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Relational Set Operators in DBMS
DBMS supports relational set operators as well. The major relational set operators are union, intersection and set difference. All of these can be implemented in DBMS using different queries.
The relational set operators in detail using given example are as follows as follows −
Union combines two different results obtained by a query into a single result in the form of a table. However, the results should be similar if union is to be applied on them. Union removes all duplicates, if any from the data and only displays distinct values. If duplicate values are required in the resultant data, then UNION ALL is used.
An example of union is −
Select Student_Name from Art_Students UNION Select Student_Name from Dance_Students
This will display the names of all the students in the table Art_Students and Dance_Students i.e John, Mary, Damon and Matt.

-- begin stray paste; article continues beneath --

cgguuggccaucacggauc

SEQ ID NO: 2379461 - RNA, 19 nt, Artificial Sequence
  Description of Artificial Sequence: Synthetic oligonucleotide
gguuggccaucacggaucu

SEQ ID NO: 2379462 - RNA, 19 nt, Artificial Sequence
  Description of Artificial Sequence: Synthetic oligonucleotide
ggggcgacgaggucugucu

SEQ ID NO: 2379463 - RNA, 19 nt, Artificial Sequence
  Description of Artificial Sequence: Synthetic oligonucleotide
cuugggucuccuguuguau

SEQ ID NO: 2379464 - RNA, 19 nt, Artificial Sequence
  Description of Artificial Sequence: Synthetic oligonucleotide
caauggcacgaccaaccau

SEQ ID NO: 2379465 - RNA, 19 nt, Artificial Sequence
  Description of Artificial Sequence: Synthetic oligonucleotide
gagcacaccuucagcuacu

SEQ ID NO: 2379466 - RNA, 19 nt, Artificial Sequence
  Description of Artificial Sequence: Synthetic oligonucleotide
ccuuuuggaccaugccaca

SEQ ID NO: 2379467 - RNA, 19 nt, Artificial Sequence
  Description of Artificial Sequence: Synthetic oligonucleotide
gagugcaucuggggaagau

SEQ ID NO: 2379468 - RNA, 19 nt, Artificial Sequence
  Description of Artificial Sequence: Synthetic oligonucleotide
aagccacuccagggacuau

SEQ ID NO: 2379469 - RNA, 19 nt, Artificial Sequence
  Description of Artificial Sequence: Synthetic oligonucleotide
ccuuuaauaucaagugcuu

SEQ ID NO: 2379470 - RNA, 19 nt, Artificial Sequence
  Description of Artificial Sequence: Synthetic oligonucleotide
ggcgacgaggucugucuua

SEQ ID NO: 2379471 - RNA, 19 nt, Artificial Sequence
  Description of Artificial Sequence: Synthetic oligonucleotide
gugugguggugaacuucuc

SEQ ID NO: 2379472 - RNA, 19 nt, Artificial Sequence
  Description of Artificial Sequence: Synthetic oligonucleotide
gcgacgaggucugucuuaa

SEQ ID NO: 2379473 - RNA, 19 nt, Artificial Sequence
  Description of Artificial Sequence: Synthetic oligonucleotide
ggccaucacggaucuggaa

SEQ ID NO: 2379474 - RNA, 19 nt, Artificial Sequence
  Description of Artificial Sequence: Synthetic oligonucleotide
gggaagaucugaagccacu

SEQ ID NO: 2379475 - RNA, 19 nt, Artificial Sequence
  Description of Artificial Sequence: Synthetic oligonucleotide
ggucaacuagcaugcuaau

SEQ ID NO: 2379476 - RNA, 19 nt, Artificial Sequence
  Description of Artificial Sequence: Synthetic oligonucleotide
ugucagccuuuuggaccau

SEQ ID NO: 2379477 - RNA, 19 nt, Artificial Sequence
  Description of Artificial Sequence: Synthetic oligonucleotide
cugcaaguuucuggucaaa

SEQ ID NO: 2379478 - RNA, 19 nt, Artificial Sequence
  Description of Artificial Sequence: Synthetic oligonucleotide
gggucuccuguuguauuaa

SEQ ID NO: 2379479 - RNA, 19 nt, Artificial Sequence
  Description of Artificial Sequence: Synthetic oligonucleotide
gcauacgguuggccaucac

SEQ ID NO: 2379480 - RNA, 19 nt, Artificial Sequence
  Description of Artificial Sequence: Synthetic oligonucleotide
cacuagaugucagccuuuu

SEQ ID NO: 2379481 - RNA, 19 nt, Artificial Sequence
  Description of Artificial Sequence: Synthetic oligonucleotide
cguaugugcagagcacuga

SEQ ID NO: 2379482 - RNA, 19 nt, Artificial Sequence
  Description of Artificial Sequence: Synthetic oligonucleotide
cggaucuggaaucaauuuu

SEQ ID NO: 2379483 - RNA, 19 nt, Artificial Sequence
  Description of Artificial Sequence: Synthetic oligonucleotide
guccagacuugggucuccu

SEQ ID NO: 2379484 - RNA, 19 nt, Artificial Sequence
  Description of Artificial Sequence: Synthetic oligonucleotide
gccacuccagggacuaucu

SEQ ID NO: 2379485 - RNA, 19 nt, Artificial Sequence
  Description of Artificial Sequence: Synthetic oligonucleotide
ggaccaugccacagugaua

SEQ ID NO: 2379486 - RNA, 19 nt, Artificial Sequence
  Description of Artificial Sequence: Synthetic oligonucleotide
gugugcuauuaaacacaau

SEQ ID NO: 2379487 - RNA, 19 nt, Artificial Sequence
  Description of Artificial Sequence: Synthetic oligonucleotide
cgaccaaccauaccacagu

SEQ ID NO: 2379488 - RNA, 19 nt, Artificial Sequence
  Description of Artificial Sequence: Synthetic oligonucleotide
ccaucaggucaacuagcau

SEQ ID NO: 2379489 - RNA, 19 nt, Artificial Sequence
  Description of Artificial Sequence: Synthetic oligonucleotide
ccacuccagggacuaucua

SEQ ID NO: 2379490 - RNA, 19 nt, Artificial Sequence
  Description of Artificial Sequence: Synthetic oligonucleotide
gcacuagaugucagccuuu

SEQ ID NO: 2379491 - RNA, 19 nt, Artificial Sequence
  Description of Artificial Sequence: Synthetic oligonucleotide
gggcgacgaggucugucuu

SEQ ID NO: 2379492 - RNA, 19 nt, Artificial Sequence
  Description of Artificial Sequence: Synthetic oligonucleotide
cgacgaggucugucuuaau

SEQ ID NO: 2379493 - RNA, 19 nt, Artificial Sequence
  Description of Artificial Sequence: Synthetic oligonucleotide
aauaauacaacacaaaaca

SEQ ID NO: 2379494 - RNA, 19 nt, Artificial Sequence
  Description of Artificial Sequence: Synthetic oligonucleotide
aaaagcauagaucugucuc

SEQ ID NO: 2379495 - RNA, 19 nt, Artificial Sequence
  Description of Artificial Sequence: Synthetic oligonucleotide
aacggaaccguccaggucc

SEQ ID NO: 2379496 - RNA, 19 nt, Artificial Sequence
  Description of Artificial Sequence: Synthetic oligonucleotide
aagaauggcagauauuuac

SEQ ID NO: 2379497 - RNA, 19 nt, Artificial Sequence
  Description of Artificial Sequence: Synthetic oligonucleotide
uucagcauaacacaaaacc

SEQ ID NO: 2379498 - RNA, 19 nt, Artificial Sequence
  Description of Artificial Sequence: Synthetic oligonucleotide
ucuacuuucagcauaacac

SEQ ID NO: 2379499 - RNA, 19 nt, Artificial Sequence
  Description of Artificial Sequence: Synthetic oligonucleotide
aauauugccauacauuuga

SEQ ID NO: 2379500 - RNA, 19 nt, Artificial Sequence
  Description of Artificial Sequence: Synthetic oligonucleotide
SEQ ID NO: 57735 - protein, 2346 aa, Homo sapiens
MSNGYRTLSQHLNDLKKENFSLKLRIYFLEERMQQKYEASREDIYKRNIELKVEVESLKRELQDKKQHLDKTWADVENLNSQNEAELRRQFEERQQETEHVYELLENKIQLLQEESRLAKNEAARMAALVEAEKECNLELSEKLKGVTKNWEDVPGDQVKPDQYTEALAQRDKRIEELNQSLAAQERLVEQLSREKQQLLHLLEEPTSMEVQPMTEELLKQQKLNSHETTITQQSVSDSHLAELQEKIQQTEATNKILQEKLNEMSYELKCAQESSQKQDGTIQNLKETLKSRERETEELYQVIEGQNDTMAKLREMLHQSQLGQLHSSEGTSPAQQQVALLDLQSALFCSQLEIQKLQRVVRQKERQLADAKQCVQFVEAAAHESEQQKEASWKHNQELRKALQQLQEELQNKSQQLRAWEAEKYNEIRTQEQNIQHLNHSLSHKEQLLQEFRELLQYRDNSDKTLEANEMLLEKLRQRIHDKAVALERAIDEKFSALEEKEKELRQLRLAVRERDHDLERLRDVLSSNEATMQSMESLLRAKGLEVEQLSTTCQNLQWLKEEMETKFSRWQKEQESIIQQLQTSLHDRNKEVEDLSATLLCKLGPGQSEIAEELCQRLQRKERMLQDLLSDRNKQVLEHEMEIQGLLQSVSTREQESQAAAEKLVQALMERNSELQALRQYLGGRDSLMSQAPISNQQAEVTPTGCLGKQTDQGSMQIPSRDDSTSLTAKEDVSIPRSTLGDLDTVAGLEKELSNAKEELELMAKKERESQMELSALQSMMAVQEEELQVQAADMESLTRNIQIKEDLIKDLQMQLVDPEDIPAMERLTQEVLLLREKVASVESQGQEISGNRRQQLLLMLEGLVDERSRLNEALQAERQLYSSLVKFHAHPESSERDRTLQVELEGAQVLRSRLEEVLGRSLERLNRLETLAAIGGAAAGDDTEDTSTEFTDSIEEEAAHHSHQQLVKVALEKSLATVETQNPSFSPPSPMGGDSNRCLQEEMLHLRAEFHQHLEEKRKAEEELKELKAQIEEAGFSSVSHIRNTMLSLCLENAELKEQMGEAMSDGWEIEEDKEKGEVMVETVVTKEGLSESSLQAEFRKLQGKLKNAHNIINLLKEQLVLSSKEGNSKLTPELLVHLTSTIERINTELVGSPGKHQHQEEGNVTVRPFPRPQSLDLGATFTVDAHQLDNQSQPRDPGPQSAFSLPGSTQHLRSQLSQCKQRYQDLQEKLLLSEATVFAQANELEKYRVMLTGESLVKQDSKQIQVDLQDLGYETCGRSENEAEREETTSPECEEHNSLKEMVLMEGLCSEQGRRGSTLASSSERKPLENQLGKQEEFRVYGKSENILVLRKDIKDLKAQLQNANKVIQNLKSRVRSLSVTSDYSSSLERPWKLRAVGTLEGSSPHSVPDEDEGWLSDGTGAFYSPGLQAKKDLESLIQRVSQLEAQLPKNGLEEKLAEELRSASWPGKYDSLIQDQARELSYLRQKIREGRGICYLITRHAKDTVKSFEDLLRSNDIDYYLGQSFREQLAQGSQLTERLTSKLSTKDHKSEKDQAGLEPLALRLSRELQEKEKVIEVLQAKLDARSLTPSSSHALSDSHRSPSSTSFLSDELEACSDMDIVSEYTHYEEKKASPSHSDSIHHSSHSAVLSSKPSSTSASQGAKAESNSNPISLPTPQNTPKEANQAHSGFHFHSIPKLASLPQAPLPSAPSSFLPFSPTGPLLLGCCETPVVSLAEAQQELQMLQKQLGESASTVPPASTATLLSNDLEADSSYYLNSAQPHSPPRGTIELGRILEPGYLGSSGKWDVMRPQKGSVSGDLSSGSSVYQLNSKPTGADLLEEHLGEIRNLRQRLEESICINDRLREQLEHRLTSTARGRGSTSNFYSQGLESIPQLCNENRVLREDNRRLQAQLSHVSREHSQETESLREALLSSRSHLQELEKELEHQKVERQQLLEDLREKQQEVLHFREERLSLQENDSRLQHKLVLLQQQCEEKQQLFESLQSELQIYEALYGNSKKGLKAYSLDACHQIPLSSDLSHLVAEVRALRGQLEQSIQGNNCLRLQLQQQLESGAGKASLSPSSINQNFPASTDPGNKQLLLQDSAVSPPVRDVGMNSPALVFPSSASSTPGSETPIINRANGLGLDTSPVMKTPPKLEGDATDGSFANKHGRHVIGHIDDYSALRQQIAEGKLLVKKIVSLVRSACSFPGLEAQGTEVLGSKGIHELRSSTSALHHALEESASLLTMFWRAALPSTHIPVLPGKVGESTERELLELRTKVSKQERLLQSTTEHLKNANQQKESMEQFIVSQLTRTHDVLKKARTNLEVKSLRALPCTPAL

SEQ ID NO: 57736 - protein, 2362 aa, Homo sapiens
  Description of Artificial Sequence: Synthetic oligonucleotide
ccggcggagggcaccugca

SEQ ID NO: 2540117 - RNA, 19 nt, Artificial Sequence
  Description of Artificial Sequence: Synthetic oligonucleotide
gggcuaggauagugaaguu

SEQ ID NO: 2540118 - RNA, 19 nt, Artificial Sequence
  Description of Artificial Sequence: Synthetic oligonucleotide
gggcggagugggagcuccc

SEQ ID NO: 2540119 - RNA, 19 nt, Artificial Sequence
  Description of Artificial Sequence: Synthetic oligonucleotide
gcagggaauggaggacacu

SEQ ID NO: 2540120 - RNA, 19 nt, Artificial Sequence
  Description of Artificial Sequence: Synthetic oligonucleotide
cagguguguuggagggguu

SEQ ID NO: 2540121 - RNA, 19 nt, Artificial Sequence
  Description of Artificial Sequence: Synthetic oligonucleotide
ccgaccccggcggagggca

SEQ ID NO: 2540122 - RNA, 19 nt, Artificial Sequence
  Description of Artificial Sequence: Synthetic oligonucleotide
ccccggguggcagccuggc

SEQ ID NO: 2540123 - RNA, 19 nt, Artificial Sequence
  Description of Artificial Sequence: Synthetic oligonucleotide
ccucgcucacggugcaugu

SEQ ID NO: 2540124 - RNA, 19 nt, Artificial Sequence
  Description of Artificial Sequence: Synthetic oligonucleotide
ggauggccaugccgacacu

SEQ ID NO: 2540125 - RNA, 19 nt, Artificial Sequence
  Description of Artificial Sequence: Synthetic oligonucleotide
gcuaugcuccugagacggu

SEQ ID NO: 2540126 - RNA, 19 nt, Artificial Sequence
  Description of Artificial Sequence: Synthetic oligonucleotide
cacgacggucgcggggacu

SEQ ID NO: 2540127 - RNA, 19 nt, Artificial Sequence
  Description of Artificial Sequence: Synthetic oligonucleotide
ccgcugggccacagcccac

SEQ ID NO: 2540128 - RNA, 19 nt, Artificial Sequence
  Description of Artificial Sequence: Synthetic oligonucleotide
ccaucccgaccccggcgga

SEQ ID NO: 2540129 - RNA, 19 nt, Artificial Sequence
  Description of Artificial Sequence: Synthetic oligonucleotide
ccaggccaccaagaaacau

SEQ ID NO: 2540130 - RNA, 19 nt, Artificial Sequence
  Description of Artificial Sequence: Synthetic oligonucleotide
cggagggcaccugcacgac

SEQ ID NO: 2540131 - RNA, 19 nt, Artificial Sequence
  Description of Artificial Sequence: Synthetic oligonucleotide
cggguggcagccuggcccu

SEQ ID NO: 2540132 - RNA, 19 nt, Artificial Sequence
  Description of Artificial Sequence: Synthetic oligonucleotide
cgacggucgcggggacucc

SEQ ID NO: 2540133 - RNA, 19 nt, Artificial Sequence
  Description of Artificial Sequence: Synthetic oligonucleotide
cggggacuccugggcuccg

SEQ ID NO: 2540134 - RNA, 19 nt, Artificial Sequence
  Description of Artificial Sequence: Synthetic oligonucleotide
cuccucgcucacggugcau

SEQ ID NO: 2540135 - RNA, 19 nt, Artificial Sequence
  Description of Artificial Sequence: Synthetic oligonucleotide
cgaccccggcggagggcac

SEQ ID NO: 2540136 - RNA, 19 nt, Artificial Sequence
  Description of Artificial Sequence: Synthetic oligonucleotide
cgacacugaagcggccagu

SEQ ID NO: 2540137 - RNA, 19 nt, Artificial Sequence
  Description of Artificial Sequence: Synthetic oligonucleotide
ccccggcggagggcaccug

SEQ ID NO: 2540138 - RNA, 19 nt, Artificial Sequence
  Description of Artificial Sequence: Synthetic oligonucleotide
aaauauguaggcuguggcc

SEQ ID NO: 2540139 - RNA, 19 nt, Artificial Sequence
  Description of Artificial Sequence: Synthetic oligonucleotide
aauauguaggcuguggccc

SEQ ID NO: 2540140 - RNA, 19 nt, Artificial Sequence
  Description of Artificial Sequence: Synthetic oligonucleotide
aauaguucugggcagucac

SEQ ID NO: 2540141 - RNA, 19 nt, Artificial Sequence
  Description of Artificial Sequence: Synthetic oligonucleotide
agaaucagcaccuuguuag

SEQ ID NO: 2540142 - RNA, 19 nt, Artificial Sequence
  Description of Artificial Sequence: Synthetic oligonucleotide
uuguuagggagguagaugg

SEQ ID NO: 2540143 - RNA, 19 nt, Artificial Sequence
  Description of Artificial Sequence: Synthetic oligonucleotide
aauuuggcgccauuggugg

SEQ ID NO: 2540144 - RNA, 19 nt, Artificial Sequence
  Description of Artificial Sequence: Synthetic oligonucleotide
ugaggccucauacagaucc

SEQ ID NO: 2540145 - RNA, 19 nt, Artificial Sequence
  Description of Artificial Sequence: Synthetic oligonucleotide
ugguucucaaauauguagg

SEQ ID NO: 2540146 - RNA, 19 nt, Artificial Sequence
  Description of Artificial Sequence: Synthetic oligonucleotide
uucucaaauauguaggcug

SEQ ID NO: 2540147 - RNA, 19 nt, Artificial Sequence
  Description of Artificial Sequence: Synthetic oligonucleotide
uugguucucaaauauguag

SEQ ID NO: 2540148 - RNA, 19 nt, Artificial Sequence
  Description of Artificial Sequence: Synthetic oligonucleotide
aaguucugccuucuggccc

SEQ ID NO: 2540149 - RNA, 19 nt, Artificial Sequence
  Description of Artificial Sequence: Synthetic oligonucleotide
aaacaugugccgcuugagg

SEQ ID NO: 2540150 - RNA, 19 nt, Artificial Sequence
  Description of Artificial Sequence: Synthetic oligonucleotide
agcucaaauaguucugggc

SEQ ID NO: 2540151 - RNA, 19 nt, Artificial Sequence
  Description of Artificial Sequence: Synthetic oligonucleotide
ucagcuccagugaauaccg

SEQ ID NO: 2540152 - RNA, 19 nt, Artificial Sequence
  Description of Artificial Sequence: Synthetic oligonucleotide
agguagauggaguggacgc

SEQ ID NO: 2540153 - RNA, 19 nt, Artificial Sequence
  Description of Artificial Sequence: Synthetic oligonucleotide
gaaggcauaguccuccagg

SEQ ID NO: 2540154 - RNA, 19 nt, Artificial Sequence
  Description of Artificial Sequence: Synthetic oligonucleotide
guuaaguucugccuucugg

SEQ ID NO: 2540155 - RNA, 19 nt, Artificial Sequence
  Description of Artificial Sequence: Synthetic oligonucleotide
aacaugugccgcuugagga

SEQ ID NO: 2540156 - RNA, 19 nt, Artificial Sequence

The intersection operator gives the common data values between the two data sets that are intersected. The two data sets that are intersected should be similar for the intersection operator to work. Intersection also removes all duplicates before displaying the result.
An example of intersection is −
Select Student_Name from Art_Students INTERSECT Select Student_Name from Dance_Students
This will display the names of the students in the table Art_Students and in the table Dance_Students i.e all the students that have taken both art and dance classes .Those are Mary and Damon in this example.
The set difference operators takes the two sets and returns the values that are in the first set but not the second set.
An example of set difference is −
Select Student_Name from Art_Students MINUS Select Student_Name from Dance_Students
This will display the names of all the students in table Art_Students but not in table Dance_Students i.e the students who are taking art classes but not dance classes.
That is John in this example.
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